@ Steven Evans: For what it’s worth, I am a privileged straight, white, male, and have no idea if I’d stay in the Church if I were gay. I have several gay relatives and friends, (and one asexual relative–another interesting sexual demographic in the Church!), as well as that polygamous one. However, I’ve noticed that there’s a double standard with the appeal to minority associates, since if somebody conservative is making the argument it becomes a joke (“some of my best friends are gay!”). So either the fact that you know members of the group you’re discussing matters or it doesn’t, regardless of the position. The ones I do have all left because the’ve recognized the intrinsic heteronormativity in the Church that served as the logical extension of the policy.

  28. Tiberius says:

    Correction, “that the policy served as a logical extension of”

  29. Tiberius, my point is neither liberal nor conservative – simply that familiarity leads to empathy. And empathy on this matter leads to a conclusion that it is not right.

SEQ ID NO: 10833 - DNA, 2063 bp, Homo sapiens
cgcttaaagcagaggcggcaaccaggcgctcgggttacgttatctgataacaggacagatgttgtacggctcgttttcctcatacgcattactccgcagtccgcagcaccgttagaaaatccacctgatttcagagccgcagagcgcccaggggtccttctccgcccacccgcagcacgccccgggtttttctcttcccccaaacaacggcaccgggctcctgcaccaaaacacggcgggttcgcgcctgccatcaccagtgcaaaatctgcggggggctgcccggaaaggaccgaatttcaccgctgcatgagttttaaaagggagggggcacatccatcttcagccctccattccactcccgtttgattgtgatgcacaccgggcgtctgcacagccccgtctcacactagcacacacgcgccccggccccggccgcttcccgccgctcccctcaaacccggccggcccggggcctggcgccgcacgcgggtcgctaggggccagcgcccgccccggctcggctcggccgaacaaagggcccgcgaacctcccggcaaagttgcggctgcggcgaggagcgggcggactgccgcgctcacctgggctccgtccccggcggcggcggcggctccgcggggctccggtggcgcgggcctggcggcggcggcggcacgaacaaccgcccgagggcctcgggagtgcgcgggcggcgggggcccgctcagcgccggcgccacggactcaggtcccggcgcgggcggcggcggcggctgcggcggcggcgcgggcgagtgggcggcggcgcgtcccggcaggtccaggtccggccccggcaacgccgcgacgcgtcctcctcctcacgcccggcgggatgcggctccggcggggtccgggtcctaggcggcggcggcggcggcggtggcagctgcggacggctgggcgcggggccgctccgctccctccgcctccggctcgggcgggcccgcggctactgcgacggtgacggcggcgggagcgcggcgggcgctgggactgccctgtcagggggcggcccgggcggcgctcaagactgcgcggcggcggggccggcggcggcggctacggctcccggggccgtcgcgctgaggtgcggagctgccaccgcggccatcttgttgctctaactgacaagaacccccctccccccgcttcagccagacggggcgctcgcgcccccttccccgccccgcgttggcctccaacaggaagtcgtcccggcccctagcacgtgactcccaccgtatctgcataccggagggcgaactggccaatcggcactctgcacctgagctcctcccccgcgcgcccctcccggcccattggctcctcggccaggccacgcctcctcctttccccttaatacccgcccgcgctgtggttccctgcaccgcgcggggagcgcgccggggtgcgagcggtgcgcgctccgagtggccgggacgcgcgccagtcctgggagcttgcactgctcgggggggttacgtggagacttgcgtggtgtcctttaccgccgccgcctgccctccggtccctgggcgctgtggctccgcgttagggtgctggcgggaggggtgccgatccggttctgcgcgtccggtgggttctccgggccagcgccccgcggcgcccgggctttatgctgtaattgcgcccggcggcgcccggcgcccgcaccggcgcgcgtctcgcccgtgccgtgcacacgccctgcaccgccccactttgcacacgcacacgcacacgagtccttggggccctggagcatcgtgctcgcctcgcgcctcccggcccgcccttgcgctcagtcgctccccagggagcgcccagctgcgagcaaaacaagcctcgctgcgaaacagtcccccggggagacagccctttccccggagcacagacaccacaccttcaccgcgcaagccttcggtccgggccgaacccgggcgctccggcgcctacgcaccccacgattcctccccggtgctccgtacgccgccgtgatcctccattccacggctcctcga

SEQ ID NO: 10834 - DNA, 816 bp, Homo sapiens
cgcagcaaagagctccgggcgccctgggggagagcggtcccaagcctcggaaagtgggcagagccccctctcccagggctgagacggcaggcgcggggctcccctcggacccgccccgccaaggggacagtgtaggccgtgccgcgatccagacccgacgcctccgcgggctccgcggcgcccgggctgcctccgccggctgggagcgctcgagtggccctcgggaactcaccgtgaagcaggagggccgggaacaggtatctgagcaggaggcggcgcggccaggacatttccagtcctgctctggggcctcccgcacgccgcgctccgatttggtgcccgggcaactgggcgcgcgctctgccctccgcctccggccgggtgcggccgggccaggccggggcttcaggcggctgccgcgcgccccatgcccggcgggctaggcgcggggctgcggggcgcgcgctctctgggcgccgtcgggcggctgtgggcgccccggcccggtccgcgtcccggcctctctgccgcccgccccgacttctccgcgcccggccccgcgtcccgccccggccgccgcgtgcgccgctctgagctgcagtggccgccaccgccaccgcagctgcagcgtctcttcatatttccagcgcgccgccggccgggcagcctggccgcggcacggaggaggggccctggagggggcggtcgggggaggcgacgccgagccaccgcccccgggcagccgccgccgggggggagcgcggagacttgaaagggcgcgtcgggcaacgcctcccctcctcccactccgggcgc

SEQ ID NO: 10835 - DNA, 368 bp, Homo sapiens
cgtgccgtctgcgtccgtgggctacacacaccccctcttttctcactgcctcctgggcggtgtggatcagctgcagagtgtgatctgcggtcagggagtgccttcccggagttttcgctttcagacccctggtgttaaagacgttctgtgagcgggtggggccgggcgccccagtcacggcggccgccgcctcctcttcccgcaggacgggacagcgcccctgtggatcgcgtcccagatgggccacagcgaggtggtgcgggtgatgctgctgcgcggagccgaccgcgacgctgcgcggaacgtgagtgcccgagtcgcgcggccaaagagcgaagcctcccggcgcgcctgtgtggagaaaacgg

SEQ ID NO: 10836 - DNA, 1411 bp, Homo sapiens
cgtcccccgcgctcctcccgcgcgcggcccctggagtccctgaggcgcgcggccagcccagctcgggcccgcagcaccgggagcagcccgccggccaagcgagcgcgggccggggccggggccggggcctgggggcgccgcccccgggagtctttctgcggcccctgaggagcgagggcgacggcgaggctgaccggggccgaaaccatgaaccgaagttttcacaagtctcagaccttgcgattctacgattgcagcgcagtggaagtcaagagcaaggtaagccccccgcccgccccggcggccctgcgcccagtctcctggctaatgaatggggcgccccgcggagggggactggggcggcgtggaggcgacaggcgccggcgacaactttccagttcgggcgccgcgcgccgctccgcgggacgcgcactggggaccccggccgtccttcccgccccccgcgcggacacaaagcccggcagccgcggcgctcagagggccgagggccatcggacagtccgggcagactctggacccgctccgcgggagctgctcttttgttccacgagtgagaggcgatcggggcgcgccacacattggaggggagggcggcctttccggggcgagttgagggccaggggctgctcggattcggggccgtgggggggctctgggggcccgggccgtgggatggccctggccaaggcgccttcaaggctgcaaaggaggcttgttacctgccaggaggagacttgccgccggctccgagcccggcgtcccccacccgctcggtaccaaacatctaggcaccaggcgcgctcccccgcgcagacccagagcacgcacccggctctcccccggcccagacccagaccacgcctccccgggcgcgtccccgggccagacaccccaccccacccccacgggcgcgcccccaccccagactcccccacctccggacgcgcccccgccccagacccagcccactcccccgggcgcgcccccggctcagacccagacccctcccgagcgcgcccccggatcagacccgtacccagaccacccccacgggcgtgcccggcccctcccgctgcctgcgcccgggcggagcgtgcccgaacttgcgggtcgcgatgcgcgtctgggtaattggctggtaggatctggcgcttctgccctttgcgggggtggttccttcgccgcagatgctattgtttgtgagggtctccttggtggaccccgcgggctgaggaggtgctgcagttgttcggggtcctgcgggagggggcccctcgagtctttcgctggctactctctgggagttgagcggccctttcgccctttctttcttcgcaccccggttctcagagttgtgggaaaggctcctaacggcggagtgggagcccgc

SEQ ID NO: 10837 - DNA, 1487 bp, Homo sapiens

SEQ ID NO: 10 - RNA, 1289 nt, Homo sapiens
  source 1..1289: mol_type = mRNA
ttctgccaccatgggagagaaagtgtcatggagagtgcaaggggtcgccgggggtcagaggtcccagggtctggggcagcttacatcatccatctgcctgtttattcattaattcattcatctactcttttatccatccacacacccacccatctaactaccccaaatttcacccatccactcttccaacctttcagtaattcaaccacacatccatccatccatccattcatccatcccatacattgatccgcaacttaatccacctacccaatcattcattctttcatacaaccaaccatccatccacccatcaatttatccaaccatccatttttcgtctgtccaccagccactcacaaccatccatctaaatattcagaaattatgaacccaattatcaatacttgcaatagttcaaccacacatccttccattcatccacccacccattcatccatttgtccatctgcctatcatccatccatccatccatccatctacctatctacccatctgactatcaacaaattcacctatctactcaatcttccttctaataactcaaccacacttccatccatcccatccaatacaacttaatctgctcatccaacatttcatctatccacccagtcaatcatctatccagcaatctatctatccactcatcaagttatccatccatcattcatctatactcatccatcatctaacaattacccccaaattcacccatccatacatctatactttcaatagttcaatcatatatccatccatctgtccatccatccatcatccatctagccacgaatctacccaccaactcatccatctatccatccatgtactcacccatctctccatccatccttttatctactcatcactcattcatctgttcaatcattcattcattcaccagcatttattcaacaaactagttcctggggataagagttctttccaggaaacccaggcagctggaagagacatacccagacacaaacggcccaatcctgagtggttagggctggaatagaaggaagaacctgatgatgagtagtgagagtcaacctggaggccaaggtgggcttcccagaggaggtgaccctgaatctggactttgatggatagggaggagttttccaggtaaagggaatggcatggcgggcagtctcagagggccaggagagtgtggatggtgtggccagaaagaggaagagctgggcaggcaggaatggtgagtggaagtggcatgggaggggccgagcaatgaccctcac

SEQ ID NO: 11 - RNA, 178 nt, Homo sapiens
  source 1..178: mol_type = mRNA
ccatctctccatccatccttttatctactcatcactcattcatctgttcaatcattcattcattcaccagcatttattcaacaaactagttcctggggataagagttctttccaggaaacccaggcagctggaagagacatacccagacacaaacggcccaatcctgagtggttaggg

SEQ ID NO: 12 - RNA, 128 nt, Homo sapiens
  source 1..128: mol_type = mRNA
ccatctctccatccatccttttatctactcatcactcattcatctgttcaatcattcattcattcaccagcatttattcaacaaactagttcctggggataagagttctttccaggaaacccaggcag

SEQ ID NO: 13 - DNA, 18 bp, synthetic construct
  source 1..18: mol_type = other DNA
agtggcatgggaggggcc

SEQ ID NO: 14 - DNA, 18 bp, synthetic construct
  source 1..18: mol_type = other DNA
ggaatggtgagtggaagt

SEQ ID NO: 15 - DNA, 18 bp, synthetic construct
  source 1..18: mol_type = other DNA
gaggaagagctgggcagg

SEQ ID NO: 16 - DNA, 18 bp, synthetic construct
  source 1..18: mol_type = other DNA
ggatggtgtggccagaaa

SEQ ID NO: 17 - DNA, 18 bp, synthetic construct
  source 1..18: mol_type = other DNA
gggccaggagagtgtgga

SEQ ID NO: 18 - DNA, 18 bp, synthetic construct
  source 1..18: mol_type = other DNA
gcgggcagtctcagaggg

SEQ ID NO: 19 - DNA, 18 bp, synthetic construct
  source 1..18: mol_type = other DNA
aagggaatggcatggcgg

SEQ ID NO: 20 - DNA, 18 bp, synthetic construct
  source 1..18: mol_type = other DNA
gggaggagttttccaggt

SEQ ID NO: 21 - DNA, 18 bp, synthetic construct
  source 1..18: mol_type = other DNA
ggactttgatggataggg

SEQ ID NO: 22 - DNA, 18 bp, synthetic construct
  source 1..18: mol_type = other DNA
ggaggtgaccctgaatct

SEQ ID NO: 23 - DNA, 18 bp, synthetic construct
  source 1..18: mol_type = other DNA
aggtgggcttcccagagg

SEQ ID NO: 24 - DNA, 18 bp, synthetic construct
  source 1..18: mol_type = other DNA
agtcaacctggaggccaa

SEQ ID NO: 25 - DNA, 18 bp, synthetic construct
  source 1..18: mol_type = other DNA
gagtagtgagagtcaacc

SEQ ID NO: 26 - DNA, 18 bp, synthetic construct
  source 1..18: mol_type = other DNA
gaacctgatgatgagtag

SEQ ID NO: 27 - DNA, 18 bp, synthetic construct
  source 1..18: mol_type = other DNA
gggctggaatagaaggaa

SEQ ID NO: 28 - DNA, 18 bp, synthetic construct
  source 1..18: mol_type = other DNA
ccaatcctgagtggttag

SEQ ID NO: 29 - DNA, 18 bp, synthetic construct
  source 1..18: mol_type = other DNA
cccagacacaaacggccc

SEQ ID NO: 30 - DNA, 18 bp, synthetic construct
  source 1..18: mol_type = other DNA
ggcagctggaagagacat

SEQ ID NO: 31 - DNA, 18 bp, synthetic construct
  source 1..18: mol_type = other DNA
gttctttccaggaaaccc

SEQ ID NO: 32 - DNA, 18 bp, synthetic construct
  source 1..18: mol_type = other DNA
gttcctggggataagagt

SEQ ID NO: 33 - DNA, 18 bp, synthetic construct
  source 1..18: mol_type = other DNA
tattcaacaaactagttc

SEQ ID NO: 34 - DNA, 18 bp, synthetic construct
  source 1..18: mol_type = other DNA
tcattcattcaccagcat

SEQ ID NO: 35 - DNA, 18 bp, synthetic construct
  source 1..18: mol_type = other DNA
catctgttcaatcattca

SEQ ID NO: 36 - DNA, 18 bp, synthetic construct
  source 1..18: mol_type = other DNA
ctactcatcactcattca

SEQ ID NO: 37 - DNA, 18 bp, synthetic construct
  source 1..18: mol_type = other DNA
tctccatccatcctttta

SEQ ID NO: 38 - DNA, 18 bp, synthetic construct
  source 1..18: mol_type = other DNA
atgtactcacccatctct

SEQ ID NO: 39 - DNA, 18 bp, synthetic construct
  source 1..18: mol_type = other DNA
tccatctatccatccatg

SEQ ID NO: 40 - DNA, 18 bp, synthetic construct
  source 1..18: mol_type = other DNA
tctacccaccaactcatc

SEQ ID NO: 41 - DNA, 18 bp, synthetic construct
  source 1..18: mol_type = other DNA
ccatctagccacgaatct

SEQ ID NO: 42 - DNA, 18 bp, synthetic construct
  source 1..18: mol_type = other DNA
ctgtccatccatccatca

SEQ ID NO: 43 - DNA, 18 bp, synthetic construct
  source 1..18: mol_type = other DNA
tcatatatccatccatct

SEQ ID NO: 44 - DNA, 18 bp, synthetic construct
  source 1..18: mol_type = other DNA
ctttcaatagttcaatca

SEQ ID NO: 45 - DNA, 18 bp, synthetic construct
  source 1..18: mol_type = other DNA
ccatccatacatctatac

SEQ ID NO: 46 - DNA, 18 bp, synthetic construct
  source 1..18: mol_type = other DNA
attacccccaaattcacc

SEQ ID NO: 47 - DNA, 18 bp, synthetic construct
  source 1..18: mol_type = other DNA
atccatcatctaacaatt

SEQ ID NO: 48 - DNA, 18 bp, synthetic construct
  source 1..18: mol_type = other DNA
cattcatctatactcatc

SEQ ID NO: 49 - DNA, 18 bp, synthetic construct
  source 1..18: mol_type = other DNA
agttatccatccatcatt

30. Christian – I don’t know. With respect to the Church, I’m “all in”; I believe in it and intend to remain active. I’ll have to think about how it works.

  31. Tiberius says:

    @ Loursat: I think they’ve been misreading the tea leaves, but that’s my opinion. I see no evidence that the brethren are seriously considering same-sex temple sealings (the logical final result of getting rid of all heteronormativity in the Church) anytime soon.

    I suspect that such beliefs might be more harmful than good in the same sense that conversion therapy does more harm than good. It inculcates a false sense that things might change when in reality everybody might be better served assuming that they’re going to stay gay and the Church is going to stay heteronormative, and base their life decisions on those premises, instead of getting hurt time and time again. The Church has been nothing if not clear that the heteronormative premises themselves aren’t going to change. You may disagree, but you can’t say that they haven’t made a point of being clear about it.